“Very few” arts projects have had their National Arts Council (NAC) funding declined or withdrawn because they “undermine public institutions, political parties or figures”, said the Ministry of Culture, Community and Youth’s (MCCY) Parliamentary Secretary Baey Yam Keng in Parliament on Tuesday (7 November).
This is compared to the thousands of projects that the NAC funds each year, said the Tampines GRC MP while fielding questions on the council’s approach to deciding which arts projects to back.
“As a steward of public funds, the NAC seeks an enlarged space for the arts to flourish without compromising on social cohesion and stability,” he said, adding that those seeking funding will need to meet the council’s guidelines, which were last updated in 2013 and are “still relevant”.
Baey elaborated that the NAC regularly convenes grant evaluation panels that comprise many members of the arts community and appoints over 400 individuals – including arts practitioners, researchers and industry professionals – to such panels each year.
During Tuesday’s debate, Non-constituency Member of Parliament (NCMP) Leon Perera asked if the government would be reviewing its funding criterion with regard to politically sensitive work.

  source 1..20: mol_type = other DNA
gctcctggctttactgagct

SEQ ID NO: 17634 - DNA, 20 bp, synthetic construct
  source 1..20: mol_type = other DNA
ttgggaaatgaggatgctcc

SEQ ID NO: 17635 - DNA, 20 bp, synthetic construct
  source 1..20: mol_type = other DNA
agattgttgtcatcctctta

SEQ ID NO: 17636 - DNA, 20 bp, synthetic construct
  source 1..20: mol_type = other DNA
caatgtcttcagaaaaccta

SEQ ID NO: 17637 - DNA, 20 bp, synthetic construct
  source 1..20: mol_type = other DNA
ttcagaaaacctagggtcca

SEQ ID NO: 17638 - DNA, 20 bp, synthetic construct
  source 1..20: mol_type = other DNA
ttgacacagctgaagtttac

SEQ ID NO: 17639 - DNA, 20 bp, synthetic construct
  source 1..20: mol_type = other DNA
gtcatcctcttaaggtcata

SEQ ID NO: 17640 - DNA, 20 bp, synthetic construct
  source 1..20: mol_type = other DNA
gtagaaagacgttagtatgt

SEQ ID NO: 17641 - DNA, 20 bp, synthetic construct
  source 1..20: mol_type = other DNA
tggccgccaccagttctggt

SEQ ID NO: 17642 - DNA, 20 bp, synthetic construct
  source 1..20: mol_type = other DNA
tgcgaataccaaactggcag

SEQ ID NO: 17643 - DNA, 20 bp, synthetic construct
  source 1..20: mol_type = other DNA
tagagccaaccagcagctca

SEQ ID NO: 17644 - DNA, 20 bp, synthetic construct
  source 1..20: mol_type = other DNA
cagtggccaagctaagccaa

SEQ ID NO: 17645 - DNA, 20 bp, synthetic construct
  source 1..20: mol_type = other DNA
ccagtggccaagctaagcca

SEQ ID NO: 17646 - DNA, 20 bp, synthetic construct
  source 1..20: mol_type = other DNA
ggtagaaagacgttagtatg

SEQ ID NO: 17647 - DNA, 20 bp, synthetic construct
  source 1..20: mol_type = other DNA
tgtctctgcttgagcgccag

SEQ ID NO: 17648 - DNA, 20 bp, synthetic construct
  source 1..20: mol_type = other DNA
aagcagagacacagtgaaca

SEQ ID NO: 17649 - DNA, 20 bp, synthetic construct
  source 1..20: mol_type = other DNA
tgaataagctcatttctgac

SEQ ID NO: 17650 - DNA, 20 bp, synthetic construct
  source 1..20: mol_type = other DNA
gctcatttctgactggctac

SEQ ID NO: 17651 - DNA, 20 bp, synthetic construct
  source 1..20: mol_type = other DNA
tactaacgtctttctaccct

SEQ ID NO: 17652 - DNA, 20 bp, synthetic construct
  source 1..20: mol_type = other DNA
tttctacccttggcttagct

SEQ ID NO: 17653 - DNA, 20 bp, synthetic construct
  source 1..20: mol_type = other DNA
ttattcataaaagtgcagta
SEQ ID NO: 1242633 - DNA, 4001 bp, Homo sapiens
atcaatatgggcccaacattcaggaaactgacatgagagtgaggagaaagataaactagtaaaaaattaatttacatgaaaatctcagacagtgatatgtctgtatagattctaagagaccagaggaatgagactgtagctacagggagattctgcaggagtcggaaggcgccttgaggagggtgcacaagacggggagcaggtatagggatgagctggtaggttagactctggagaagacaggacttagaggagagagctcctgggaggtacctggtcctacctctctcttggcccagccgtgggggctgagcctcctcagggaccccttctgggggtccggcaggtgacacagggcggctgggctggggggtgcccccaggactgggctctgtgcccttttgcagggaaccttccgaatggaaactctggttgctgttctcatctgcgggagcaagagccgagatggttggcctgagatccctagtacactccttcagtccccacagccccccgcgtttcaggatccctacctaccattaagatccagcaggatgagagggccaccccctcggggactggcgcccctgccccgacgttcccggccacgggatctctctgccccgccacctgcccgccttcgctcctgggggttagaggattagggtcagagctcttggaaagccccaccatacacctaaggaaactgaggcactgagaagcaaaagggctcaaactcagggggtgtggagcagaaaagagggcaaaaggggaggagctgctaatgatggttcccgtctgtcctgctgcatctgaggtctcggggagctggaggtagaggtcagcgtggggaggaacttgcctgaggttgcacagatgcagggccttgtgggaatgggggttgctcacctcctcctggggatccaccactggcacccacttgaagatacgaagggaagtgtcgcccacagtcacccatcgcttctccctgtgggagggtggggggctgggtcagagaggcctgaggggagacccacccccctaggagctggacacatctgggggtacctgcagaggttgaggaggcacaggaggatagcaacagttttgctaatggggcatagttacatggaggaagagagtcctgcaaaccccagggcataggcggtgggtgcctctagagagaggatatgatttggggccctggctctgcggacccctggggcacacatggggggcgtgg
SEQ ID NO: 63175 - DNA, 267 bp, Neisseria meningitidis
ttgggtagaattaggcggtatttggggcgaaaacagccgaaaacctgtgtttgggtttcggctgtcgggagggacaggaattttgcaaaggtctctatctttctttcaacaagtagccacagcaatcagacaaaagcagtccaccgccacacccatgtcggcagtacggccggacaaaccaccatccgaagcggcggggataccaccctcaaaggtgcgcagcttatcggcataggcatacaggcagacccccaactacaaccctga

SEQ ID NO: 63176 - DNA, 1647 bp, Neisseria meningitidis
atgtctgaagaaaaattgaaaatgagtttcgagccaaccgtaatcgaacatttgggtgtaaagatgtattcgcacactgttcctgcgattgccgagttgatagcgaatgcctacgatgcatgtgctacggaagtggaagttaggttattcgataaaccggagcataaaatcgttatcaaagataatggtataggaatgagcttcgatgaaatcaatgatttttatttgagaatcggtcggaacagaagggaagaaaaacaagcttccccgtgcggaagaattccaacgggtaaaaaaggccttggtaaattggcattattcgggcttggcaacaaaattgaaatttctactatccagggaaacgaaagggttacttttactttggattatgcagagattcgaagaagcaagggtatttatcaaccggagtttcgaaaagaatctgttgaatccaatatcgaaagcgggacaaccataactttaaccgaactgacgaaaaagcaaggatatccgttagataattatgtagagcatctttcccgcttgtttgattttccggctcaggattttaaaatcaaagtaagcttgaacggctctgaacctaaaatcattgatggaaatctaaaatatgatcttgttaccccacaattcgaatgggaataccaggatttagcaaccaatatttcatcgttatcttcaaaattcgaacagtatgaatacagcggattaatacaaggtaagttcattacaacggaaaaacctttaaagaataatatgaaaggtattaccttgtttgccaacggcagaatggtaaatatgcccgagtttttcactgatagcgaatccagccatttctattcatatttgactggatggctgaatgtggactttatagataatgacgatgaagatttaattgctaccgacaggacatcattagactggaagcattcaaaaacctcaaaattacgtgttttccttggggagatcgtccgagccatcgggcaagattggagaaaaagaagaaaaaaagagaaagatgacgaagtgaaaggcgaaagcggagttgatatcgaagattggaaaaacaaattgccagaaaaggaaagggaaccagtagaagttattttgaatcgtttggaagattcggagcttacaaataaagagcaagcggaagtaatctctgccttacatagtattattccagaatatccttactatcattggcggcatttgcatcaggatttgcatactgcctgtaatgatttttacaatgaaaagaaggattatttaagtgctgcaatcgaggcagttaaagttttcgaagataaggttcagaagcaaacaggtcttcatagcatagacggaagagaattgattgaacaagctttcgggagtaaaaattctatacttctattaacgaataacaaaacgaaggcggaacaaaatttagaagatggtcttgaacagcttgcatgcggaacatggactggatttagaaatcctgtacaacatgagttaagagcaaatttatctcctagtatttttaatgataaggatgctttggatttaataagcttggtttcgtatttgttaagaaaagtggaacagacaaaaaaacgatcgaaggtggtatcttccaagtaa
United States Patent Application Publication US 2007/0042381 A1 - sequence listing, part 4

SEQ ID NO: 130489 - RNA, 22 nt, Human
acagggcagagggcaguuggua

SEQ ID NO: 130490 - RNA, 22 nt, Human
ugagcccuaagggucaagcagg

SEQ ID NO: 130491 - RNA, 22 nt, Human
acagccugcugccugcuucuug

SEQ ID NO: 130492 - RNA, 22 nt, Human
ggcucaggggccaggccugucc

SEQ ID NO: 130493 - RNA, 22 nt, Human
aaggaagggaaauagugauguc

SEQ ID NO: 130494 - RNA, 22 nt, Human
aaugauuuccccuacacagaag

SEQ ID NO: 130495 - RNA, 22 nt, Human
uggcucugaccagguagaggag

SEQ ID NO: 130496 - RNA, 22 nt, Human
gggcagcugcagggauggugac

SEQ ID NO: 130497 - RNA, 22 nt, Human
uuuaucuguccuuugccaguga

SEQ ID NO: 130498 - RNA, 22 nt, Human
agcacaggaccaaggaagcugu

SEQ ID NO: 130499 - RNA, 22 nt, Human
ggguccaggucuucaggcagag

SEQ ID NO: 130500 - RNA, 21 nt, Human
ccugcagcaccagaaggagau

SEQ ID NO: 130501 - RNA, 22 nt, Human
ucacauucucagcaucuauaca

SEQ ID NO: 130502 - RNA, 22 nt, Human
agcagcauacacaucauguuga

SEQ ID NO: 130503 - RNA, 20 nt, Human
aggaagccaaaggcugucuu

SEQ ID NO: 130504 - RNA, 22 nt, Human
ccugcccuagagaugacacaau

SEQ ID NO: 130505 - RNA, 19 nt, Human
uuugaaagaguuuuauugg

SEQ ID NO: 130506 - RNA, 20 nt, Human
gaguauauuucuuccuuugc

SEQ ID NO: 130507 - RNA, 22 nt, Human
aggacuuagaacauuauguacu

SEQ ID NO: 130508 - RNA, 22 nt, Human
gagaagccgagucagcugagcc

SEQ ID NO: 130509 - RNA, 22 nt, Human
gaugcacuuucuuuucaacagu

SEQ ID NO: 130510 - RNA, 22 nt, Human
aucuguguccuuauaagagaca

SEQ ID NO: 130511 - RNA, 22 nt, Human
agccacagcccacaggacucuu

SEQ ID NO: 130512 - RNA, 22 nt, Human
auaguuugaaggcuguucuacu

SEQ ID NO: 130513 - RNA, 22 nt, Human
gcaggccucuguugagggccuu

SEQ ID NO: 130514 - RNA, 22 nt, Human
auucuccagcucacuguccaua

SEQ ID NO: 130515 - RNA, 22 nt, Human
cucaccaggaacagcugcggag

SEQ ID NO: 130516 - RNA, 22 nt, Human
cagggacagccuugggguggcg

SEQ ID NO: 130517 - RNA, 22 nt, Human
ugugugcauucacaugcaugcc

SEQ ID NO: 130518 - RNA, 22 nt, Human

Citing the case of comic artist Sonny Liew – whose graphic novel “The Art Of Charlie Chan Hock Chye” had its NAC funding withdrawn in May 2015 – Perera asked if such “politicisation of the arts” will set back the development of Singapore’s arts sector. Despite the setback, Liew’s work went on to see strong sales and win three Eisner Awards – a much-coveted prize in the comics industry.
In response, Baey said that while the NAC works to strike a balance between the views of the arts community and the concerns of the “public at large”.
“The position, of course, will need to evolve with the changes in society, what the public can accept or not. So the conversation remains open. That’s why we are also constantly reviewing our guidelines,” he added.
NCMP Dennis Tan also asked whether the NAC funding criterion would apply to works that deal with “political parties in our history”, to which Baey replied that it would be up to the government of the day to decide on how to allocate arts funding.